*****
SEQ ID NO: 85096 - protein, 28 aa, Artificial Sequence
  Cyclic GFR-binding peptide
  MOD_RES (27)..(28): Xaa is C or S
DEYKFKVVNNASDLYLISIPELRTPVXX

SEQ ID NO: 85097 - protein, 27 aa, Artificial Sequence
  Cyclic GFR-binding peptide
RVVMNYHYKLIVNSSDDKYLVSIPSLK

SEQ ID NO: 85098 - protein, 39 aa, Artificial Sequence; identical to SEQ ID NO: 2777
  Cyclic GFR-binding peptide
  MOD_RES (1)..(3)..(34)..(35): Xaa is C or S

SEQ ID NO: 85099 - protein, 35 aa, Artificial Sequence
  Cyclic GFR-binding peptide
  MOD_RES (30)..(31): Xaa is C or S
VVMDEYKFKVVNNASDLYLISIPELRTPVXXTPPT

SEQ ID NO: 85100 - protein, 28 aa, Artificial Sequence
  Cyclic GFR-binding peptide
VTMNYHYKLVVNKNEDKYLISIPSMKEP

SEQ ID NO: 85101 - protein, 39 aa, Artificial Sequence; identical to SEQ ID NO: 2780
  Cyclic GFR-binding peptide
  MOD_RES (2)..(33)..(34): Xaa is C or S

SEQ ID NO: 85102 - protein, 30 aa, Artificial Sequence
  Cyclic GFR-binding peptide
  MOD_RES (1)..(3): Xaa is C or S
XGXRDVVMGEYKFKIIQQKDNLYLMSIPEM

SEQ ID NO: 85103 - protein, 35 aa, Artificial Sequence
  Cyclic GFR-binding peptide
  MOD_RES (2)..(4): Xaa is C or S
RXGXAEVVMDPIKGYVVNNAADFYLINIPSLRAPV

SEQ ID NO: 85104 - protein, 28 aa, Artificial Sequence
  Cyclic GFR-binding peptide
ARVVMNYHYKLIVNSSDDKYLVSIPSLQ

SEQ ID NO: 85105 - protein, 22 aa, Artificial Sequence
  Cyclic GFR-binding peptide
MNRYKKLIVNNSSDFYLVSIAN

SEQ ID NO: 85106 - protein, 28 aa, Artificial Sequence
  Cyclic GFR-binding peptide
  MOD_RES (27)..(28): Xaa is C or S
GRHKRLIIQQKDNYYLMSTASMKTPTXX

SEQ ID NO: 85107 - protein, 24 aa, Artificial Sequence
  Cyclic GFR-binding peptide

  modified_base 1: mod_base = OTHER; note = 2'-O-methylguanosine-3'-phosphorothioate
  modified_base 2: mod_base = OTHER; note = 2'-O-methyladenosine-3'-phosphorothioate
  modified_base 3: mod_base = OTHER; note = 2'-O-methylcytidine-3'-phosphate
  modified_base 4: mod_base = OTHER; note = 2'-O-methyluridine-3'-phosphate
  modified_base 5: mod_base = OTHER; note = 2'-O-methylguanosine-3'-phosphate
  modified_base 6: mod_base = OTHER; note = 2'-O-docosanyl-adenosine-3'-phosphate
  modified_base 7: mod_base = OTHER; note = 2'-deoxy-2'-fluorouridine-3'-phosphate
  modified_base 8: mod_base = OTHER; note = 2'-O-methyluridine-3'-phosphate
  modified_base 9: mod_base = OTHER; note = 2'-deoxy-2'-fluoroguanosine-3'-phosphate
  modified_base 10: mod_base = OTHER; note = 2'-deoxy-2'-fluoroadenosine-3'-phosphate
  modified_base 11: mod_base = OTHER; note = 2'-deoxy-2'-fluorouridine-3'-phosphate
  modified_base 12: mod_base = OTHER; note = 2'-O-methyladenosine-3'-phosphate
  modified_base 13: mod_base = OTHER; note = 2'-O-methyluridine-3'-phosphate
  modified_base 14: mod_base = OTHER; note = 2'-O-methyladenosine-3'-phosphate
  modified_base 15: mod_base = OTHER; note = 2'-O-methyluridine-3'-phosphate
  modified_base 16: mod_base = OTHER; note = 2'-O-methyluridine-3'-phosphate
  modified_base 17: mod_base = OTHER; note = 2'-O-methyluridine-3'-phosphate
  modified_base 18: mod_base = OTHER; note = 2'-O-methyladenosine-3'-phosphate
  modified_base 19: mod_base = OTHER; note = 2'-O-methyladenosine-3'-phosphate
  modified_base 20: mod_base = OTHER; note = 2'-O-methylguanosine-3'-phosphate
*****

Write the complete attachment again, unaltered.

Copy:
SEQ ID NO: 85096 - protein, 28 aa, Artificial Sequence
  Cyclic GFR-binding peptide
  MOD_RES (27)..(28): Xaa is C or S
DEYKFKVVNNASDLYLISIPELRTPVXX

SEQ ID NO: 85097 - protein, 27 aa, Artificial Sequence
  Cyclic GFR-binding peptide
RVVMNYHYKLIVNSSDDKYLVSIPSLK

SEQ ID NO: 85098 - protein, 39 aa, Artificial Sequence; identical to SEQ ID NO: 2777
  Cyclic GFR-binding peptide
  MOD_RES (1)..(3)..(34)..(35): Xaa is C or S

SEQ ID NO: 85099 - protein, 35 aa, Artificial Sequence
  Cyclic GFR-binding peptide
  MOD_RES (30)..(31): Xaa is C or S
VVMDEYKFKVVNNASDLYLISIPELRTPVXXTPPT

SEQ ID NO: 85100 - protein, 28 aa, Artificial Sequence
  Cyclic GFR-binding peptide
VTMNYHYKLVVNKNEDKYLISIPSMKEP

SEQ ID NO: 85101 - protein, 39 aa, Artificial Sequence; identical to SEQ ID NO: 2780
  Cyclic GFR-binding peptide
  MOD_RES (2)..(33)..(34): Xaa is C or S

SEQ ID NO: 85102 - protein, 30 aa, Artificial Sequence
  Cyclic GFR-binding peptide
  MOD_RES (1)..(3): Xaa is C or S
XGXRDVVMGEYKFKIIQQKDNLYLMSIPEM

SEQ ID NO: 85103 - protein, 35 aa, Artificial Sequence
  Cyclic GFR-binding peptide
  MOD_RES (2)..(4): Xaa is C or S
RXGXAEVVMDPIKGYVVNNAADFYLINIPSLRAPV

SEQ ID NO: 85104 - protein, 28 aa, Artificial Sequence
  Cyclic GFR-binding peptide
ARVVMNYHYKLIVNSSDDKYLVSIPSLQ

SEQ ID NO: 85105 - protein, 22 aa, Artificial Sequence
  Cyclic GFR-binding peptide
MNRYKKLIVNNSSDFYLVSIAN

SEQ ID NO: 85106 - protein, 28 aa, Artificial Sequence
  Cyclic GFR-binding peptide
  MOD_RES (27)..(28): Xaa is C or S
GRHKRLIIQQKDNYYLMSTASMKTPTXX

SEQ ID NO: 85107 - protein, 24 aa, Artificial Sequence
  Cyclic GFR-binding peptide

  modified_base 1: mod_base = OTHER; note = 2'-O-methylguanosine-3'-phosphorothioate
  modified_base 2: mod_base = OTHER; note = 2'-O-methyladenosine-3'-phosphorothioate
  modified_base 3: mod_base = OTHER; note = 2'-O-methylcytidine-3'-phosphate
  modified_base 4: mod_base = OTHER; note = 2'-O-methyluridine-3'-phosphate
  modified_base 5: mod_base = OTHER; note = 2'-O-methylguanosine-3'-phosphate
  modified_base 6: mod_base = OTHER; note = 2'-O-docosanyl-adenosine-3'-phosphate
  modified_base 7: mod_base = OTHER; note = 2'-deoxy-2'-fluorouridine-3'-phosphate
  modified_base 8: mod_base = OTHER; note = 2'-O-methyluridine-3'-phosphate
  modified_base 9: mod_base = OTHER; note = 2'-deoxy-2'-fluoroguanosine-3'-phosphate
  modified_base 10: mod_base = OTHER; note = 2'-deoxy-2'-fluoroadenosine-3'-phosphate
  modified_base 11: mod_base = OTHER; note = 2'-deoxy-2'-fluorouridine-3'-phosphate
  modified_base 12: mod_base = OTHER; note = 2'-O-methyladenosine-3'-phosphate
  modified_base 13: mod_base = OTHER; note = 2'-O-methyluridine-3'-phosphate
  modified_base 14: mod_base = OTHER; note = 2'-O-methyladenosine-3'-phosphate
  modified_base 15: mod_base = OTHER; note = 2'-O-methyluridine-3'-phosphate
  modified_base 16: mod_base = OTHER; note = 2'-O-methyluridine-3'-phosphate
  modified_base 17: mod_base = OTHER; note = 2'-O-methyluridine-3'-phosphate
  modified_base 18: mod_base = OTHER; note = 2'-O-methyladenosine-3'-phosphate
  modified_base 19: mod_base = OTHER; note = 2'-O-methyladenosine-3'-phosphate
  modified_base 20: mod_base = OTHER; note = 2'-O-methylguanosine-3'-phosphate